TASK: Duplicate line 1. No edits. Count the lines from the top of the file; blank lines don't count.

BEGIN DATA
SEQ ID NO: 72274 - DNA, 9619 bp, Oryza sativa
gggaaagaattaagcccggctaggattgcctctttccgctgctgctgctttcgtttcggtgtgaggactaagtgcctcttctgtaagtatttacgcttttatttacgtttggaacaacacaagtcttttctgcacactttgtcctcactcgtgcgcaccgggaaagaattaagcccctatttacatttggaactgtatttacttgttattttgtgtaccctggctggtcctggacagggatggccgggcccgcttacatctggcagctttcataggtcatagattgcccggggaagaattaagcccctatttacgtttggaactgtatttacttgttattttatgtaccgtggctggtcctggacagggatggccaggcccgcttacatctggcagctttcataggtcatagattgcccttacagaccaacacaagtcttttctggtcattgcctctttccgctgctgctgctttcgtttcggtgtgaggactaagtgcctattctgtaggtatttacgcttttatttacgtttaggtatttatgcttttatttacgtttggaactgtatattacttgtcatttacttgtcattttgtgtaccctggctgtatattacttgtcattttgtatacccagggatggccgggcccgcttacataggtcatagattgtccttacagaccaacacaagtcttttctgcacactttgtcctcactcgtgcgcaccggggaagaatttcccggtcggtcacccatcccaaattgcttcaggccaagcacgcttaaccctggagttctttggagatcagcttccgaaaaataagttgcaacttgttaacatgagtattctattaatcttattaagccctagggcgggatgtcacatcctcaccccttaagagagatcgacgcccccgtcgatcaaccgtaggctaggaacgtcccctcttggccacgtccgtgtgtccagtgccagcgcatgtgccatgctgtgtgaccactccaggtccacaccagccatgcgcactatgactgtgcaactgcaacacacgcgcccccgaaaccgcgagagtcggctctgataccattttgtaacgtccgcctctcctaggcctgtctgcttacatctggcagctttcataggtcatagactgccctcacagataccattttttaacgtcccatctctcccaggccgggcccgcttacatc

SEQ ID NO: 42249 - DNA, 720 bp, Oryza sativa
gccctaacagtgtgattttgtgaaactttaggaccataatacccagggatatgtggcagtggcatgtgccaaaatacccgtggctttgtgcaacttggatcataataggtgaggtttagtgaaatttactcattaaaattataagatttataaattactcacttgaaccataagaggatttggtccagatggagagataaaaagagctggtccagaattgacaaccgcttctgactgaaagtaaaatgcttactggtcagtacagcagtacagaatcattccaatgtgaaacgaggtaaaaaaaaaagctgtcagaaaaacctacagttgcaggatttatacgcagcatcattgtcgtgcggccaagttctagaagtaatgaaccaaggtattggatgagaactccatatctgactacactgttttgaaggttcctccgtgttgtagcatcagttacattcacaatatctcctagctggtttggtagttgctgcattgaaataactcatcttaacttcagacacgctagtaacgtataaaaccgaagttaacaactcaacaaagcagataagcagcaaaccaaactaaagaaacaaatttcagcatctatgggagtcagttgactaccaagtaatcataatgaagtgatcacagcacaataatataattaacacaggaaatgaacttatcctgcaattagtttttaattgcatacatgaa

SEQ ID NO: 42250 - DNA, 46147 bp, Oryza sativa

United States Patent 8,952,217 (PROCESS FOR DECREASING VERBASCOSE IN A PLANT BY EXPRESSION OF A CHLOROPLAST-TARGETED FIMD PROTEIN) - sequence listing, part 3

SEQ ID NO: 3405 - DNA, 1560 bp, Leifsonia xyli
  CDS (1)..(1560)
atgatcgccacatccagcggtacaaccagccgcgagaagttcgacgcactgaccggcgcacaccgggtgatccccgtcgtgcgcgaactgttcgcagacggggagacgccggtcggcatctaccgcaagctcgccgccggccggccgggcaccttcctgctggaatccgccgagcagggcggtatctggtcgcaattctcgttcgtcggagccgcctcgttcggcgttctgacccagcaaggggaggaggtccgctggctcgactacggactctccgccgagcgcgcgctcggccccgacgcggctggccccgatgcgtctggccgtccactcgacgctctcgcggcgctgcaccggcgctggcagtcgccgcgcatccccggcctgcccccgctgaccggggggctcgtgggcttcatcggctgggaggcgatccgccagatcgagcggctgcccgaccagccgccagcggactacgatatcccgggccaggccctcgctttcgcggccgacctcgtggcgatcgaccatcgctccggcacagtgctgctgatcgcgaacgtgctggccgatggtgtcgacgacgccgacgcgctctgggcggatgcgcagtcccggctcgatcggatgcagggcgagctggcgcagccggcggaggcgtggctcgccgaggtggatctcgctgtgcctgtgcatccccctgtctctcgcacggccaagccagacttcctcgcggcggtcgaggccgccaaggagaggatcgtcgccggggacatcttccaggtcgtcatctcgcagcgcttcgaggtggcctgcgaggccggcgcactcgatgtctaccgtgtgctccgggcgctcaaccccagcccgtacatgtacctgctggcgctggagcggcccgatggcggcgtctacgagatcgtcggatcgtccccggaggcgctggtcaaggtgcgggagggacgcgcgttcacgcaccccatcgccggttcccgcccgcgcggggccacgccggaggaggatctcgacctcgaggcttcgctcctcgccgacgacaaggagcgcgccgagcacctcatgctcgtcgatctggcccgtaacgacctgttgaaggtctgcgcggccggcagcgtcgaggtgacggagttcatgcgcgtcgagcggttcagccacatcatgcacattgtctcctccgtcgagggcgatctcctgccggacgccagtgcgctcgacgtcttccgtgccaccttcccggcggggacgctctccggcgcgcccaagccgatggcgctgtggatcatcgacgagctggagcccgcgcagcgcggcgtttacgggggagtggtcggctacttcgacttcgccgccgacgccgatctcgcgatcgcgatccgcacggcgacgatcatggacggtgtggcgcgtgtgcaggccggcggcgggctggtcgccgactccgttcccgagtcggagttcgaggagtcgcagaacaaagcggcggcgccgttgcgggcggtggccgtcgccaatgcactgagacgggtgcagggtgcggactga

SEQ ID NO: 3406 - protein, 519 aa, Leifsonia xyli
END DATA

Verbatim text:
SEQ ID NO: 72274 - DNA, 9619 bp, Oryza sativa